The MacAdam ellipse is a Standard Deviation Color Matching (SDCM) protocol for describing visibility of human observers of differences of sources, by how far they deviate from a reference color. Each ellipse represents a standard deviation from the reference (center) source. It is generally accepted that within 3 MacAdam ellipses, most observers cannot discern a difference between two sources. At 4 steps, a significant sampling of observers would see a color difference. At 7, virtually everyone will see a difference. For a more complete background, there are numerous sources describing these details, such as https://en.wikipedia.org/wiki/MacAdam_ellipse. The shape of the ellipses varies by color, as human visual differentiation changes in both spectral sensitivity as well as range between sources.
With this, it would seem pretty straightforward that when someone claims their product, LED, or light sources fall within 2 or 3 steps, that it can be assumed that the difference between two sources from that provider will be unseen. Unfortunately, a common miss-interpretation and incorrect application of the MacAdam ellipse protocol creates an actual deviation that can be as much as double that stated. The illustration below shows how this happens.
A large number of providers of sources and luminaires are using the reference of MacAdam ellipse, while ignoring that the entire system is based on a center reference point. The center of the ellipse to its edge are the parameters of deviation described, not edge to edge. The center can be either an industry standard, a specified x-y value, the center of a bin cluster, or any other reference the involved producers decide. However, the assumption made by too many is that any source that falls inside the total ellipse’s perimeter is within the range described for a particular step. For example, looking at the illustration, sources A and A are assumed to be only two steps apart, as thet fall inside the ellipse boundary. This is not correct. In fact, points A and A, both 2 steps from the center reference, are actually 4 steps apart, not two. To be clear, both are 2 steps from the center reference, not from one another. At 4 steps, a significant number of observers will see the color difference between A and A.
Points B and B are not 4 steps apart, even though they are both 4 steps from the center reference – making the two 8 steps apart. The same applies to points C and C, with 7 and 14 steps distance.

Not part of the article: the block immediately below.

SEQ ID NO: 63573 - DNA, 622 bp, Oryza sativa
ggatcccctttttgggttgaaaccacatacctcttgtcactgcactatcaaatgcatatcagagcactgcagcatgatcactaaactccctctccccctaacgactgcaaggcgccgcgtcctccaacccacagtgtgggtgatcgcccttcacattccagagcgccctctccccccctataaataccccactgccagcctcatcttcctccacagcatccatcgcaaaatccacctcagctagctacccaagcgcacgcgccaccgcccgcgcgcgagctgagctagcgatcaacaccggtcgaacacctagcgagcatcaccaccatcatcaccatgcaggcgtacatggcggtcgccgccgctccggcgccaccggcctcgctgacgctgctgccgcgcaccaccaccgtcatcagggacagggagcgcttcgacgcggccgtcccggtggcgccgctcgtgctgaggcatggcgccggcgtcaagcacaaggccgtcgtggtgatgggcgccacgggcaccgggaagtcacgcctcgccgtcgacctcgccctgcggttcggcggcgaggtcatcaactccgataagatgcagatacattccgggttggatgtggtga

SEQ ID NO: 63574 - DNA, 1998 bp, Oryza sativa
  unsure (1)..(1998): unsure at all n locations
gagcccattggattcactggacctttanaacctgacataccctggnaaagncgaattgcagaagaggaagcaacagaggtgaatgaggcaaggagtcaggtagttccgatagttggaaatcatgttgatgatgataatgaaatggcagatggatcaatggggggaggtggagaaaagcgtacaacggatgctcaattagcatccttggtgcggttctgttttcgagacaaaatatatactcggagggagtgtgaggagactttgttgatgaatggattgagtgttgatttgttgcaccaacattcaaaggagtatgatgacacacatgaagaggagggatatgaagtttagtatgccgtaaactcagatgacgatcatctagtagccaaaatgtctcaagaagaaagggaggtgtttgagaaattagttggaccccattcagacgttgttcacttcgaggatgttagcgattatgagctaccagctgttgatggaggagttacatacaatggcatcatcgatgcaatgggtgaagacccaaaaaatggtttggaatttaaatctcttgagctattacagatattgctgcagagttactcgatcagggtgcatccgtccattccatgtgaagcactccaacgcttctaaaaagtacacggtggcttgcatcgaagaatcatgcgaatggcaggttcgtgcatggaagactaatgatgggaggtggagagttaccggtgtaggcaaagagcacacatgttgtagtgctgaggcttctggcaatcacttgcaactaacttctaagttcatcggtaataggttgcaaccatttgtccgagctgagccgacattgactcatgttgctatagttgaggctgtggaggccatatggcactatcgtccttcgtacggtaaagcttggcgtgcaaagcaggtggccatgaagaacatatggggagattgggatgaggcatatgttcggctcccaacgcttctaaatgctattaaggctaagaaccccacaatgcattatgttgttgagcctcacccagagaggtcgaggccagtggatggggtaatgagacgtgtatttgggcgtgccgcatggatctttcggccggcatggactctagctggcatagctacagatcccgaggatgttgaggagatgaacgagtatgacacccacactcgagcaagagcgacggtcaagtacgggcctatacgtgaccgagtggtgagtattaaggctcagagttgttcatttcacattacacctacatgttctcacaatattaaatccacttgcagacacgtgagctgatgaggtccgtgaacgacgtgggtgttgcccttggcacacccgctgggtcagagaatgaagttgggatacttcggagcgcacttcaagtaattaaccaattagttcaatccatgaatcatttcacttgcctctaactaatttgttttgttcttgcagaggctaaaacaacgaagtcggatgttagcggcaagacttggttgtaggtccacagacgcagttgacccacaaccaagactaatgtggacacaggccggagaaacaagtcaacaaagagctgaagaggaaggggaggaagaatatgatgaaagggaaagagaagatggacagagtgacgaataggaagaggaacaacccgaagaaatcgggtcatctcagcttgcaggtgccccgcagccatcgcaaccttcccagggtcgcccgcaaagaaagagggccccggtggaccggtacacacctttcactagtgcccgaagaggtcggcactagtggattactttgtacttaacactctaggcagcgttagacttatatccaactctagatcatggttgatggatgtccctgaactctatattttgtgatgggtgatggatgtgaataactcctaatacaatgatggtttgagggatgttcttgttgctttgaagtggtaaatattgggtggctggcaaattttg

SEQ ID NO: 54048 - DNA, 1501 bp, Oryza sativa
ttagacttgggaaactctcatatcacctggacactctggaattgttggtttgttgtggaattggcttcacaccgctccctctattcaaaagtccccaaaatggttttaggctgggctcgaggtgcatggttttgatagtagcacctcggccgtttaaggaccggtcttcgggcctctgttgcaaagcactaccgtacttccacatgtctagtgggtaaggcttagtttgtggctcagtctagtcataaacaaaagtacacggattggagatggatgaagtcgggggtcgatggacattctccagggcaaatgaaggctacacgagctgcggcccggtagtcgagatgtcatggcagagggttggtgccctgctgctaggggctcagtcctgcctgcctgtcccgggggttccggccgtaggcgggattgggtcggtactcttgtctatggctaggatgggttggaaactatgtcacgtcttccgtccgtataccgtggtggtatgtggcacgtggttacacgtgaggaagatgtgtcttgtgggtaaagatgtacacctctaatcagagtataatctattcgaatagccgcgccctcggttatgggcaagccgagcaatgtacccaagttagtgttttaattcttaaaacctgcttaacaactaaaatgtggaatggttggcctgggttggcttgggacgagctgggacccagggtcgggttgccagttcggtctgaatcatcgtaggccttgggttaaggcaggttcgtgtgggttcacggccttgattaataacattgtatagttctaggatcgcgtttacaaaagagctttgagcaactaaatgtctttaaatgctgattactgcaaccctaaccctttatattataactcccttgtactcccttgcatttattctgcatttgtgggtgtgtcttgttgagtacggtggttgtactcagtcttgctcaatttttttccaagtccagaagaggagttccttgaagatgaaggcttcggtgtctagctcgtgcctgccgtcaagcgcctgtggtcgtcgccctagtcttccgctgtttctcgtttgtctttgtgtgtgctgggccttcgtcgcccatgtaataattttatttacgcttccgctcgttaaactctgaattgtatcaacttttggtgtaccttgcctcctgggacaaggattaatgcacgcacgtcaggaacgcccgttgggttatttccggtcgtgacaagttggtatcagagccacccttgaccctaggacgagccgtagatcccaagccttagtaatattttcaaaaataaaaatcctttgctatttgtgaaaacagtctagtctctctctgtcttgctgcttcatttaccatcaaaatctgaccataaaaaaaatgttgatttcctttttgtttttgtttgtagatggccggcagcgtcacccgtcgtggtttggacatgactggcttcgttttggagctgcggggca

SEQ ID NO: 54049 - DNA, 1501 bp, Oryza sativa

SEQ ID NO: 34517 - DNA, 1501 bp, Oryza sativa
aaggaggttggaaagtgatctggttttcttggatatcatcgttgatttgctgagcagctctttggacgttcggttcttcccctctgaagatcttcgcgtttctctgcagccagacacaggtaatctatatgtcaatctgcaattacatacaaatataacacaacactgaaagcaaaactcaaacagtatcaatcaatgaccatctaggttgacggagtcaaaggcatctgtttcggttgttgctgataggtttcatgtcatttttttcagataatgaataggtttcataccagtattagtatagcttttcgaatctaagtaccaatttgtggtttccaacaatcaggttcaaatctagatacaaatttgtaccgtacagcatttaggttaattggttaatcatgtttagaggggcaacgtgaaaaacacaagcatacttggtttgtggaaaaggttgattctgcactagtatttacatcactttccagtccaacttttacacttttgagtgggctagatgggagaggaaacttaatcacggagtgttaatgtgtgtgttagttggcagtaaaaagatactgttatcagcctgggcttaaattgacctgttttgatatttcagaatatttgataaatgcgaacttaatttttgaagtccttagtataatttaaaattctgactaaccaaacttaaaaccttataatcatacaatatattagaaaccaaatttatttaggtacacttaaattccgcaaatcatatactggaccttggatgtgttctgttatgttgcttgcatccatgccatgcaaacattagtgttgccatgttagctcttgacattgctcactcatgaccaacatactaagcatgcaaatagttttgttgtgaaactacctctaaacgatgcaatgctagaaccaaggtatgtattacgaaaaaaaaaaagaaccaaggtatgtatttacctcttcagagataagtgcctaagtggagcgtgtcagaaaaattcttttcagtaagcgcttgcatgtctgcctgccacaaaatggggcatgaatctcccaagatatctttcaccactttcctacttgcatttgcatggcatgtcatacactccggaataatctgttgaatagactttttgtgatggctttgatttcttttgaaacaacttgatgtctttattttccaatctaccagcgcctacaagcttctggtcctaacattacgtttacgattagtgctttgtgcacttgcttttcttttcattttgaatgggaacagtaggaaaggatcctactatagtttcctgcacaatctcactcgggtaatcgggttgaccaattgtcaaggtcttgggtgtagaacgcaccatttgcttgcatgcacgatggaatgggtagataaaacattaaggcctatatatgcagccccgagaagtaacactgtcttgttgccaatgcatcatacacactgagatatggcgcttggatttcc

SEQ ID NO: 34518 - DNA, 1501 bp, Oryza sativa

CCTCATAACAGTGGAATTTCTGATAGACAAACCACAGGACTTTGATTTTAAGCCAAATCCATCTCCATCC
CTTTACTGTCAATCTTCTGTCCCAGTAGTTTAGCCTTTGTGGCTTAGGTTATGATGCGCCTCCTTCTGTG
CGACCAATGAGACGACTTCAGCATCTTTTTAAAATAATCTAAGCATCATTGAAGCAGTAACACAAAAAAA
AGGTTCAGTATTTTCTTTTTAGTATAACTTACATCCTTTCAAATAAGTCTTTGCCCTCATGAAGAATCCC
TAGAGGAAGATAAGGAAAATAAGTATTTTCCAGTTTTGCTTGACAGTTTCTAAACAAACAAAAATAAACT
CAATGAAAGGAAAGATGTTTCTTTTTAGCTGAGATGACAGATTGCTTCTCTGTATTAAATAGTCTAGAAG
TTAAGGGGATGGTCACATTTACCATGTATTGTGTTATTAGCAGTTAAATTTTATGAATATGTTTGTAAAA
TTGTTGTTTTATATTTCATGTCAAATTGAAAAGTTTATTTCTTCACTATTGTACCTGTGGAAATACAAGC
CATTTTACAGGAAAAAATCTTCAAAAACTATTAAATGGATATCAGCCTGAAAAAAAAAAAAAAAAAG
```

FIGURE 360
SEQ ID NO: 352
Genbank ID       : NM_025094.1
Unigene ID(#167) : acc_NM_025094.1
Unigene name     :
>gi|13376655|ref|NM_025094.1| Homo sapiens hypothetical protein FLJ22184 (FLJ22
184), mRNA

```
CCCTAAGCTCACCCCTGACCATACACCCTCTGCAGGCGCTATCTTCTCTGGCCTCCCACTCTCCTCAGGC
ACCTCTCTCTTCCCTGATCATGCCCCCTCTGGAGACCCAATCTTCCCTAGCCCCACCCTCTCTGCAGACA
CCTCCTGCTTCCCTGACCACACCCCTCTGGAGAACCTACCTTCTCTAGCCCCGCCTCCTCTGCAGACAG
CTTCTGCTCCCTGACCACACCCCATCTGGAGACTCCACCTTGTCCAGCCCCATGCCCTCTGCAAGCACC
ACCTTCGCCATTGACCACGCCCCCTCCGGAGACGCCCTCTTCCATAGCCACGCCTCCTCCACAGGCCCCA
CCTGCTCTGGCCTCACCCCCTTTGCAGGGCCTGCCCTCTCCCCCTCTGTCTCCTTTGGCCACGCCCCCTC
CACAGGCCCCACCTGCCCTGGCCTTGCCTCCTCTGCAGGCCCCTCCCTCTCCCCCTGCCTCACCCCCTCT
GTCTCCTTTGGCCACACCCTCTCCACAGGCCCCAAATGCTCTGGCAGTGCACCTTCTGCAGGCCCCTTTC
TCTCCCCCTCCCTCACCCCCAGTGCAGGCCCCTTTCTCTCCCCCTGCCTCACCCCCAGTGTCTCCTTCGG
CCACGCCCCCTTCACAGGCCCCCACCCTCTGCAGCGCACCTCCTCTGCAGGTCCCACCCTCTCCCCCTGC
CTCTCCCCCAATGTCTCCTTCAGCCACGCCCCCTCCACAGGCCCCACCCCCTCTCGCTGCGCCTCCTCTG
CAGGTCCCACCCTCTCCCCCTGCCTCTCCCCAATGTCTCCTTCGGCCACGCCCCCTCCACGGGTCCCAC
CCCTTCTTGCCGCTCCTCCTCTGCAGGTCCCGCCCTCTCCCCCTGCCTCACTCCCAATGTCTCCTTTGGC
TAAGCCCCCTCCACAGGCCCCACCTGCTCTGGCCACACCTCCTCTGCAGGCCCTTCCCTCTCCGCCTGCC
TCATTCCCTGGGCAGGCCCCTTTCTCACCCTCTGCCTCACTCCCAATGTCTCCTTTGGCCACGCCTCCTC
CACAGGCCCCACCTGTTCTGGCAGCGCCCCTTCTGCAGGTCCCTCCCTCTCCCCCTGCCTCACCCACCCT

This is why, regardless of specifying the tightest bins available, LEDs and luminaires produce undesirable color differences that should not be visible at all. LED manufacturers and distributors compound this by binning products by quadrants around a reference center, claiming that all of the LEDs in all quadrants fall within the ellipse, thus are of that ellipses deviation range. This is incorrect by a factor of two as can be seen in the illustration below.
In the illustration above, the manufacturer will claim that all 4 sources, 1B, 2B, 3B and 4B fall inside the 4 step ellipse, thus are binned to within 4 step deviation. In real terms, the only thing that can be accurately said is that all 4 LEDs fall within 4 steps of the center reference. If 1B and 3B are compared, they will be visibly different, as they are actually 8 steps apart.
How this works in comparing one source to another directly, is that one of the two sources takes place of the “Center” reference, with the second deviating from that reference as center. If one looks at three sources side by side, a curious thing happens. While in isolation 1B and 3B will be close to the reference center, and thus somewhat un-discernible (4 step), the difference between 1B and 3B will actually be seen by the majority of observers (8 steps).
As it is with most metrics used to describe qualitative visual responses to light, stating a value without including its reference center point, produces inaccurate results. MacAdam ellipse values are meaningless unless the reference center is also stated. Further, all sources within the stated ellipse must occupy points that fall within the stated ellipse from one another, not simply from the reference center itself.
To make matters worse, when clusters of sources are described around either a standard center, a quadrant, or within the inscribed statistical area, differences between sources can become evident to observers, as they fall both outside the limits of deviations from one another, but cross the black body locus, to be seen different by shifting between magenta and green. Other factors include color shift effects from optic components, temperature, voltage and current effects, even circuit designs… all can have a significant impact on uniformity of color from LED to LED. Further, subtle changes in binning specifications between orders placed at different times, can create visible differences due to movement of the effective reference center, and comparisons between the clustering of bins from production run to production run. In other words, unless you have very specific data showing how a product (LED or luminaire) performs, it falls on trusting manufacturers themselves to take all of this into consideration to deploy products with solid color consistency, within products, and between products.